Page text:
(2) Avangard Omsk Oblast vs. (3) Ak Bars Kazan

How similar were these two teams in the regular season?  They both finished with overall records of 38-22, and 109 pts (Avangard are the two-seed for winning their division, while Ak Bars finished second to Metallurg in theirs).  Even more remarkably, they conceded the same number of goals (127 each).  As far as goals scored is concerned, Avangard got the better of it, scoring 156 goals while Ak Bars could only manage… 155.  This series might be close, is what I’m saying.

Avangard, under coach Fyodor Kanareikin, got past far-eastern Admiral Vladivostok in Round 1 in six games, and were particularly ruthless at home — they out-scored Admiral 14-4 under Omsk skies.  Erstwhile St. Louis Blue Vladimír Sobotka led them in scoring with a line of 3-5-8 in the six games, but Avangard got goals from 14 different players in the series, which is remarkable.  Swedish defenseman Erik Gustafsson was not one of the players who scored, but he did come up with five assists.  So this is a team, quite clearly, that one cannot sleep on no matter who is on the ice.

One niggling little question for Avangard concerns the goaltending, where Dominik Furch’s sv% of .922 was only about league-average, no better (although no worse either).  It may not matter, however, as Furch faced just 140 shots in 400 Round 1 minutes (about 21 per game).  Full credit, therefore, to the Omsk defence, and we should note in particular Yunas Anelyov; he not only tied for the team lead with three goals, but was +10 over the six games.

However, and with all due respect to Admiral Vladivostok, Ak Bars Kazan are a different kettle of fish.  Round 1 saw the Tatarstan giants came through the Green Derby (about which Arto Palovaara has a nice piece here) in five games, but in no way was it a rout of fierce rivals Salavat Yulaev Ufa.  All five games were settled by a single goal, and while only one went to overtime, two others saw the winning tally arrive in the final ten seconds of the third period (both times in Ak Bars’ favour, incidentally).  It was a tremendous series, for all its brevity, and any team that comes out on top in such a match-up must be taken seriously.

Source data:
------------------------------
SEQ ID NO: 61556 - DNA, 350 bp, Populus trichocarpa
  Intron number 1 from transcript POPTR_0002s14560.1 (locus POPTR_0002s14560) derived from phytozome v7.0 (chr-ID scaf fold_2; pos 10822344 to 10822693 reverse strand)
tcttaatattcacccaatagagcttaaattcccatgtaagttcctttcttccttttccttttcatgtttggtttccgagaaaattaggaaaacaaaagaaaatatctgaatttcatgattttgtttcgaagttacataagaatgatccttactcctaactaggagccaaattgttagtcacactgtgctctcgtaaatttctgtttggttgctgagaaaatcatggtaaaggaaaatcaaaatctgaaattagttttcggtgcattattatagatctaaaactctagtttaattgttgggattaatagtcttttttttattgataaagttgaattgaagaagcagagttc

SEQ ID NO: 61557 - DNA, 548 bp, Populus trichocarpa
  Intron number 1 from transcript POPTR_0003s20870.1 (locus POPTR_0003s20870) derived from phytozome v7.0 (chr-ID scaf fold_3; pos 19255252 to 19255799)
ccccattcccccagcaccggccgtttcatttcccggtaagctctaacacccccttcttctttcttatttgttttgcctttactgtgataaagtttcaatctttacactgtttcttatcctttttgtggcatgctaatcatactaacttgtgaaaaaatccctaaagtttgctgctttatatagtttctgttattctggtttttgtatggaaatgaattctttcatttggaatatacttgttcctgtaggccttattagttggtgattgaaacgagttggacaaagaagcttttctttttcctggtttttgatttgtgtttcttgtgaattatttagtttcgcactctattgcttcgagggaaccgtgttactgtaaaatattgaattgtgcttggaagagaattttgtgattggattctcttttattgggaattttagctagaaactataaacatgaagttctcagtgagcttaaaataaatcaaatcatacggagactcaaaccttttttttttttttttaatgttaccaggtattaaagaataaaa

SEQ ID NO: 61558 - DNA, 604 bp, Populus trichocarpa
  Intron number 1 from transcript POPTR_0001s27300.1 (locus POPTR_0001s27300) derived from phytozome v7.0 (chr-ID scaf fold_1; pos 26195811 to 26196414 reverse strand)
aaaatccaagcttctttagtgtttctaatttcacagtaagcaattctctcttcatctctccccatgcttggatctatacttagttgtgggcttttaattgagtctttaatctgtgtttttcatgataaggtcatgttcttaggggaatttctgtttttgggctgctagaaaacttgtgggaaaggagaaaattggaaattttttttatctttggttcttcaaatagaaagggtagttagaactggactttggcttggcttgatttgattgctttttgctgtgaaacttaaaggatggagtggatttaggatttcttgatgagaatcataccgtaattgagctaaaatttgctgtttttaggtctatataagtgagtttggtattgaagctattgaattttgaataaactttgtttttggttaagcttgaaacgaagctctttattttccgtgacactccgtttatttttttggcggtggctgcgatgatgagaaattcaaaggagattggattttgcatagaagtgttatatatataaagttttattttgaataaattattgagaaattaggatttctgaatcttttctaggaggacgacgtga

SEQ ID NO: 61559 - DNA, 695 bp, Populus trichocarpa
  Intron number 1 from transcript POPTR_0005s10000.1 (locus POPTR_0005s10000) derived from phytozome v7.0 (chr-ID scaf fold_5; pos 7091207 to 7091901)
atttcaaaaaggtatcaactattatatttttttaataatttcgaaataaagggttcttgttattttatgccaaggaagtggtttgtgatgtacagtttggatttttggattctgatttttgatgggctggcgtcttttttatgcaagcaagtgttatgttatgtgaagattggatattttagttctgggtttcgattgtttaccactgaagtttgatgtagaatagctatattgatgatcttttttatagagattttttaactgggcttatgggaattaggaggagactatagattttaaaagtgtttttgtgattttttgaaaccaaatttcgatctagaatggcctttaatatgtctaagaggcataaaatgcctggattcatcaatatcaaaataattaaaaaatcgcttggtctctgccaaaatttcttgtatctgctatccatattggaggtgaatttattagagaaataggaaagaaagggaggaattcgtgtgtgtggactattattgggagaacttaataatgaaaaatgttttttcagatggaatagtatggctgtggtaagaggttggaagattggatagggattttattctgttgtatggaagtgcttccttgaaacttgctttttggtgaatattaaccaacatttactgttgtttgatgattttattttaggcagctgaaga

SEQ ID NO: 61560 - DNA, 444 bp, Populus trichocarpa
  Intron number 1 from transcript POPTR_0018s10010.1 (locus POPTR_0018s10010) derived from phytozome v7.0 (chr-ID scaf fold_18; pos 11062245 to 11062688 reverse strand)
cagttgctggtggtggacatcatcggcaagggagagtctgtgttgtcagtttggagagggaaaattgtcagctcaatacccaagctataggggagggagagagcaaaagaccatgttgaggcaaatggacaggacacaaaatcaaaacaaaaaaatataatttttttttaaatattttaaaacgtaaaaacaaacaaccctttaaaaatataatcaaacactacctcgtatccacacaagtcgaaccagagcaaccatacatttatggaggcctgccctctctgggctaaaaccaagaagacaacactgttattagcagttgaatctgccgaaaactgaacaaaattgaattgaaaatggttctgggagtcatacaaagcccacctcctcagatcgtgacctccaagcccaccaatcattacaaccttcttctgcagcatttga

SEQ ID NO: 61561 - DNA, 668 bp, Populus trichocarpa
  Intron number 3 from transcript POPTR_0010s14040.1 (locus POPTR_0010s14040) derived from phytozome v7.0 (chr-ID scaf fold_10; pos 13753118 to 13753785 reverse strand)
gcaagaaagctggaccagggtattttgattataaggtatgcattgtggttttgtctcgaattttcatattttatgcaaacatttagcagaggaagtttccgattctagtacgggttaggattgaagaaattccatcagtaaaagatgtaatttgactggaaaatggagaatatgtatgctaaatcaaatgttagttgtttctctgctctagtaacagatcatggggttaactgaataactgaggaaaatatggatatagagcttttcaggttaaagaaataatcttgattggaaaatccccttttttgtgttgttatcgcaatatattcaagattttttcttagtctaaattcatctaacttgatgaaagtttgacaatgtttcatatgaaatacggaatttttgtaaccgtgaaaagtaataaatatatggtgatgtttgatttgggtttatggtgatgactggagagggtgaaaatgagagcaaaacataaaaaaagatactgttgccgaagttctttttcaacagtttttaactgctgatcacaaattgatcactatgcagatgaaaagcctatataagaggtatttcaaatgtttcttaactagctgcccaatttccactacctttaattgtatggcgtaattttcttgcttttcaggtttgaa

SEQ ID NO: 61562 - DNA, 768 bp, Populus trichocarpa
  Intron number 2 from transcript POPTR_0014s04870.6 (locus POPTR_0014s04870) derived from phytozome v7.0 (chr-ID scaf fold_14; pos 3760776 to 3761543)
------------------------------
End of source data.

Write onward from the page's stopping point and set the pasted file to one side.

Four of those first-round games ended 2-1, so it is no surprise that Ak Bars are a little short of big scoring numbers at the moment.  Jiří Sekáč and Fyodor Malykhin both scored three goals, while Justin Azevedo led the points parade with a line of 2-4-6.  Ak Bars got goals from only six different players, and only one goal total from the defence (that was an important one, however; Atte Ohtamaa’s tally was one of those two last-second winners).

No, as is traditional with Ak Bars and their long-serving head coach Zinetula Bilyaletdinov, the strength came from the defence, as they held a powerful Salavat Yulaev forward group to about 23 shots per game.  Emil Garipov was preferred to Stanislav Galimov in net, and produced a sv% of .933, which can take a team a long way against that small a number of shots.

Ak Bars also swept the season series against Avangard, winning 1-0 at home and 3-2, in overtime, on the road, but that tells us little as the most recent of those games was in November.  In fact, picking this series approaches impossibility.  Ak Bars have the hotter goalie at the moment, while Avangard have home ice advantage.  Both teams are defensively very strong, and, as noted above, their regular season numbers are stunningly alike.  So, with one eye on the small but significant difference in the goalies’ save percentages, and another on sheer gut instinct, I say… Ak Bars in seven.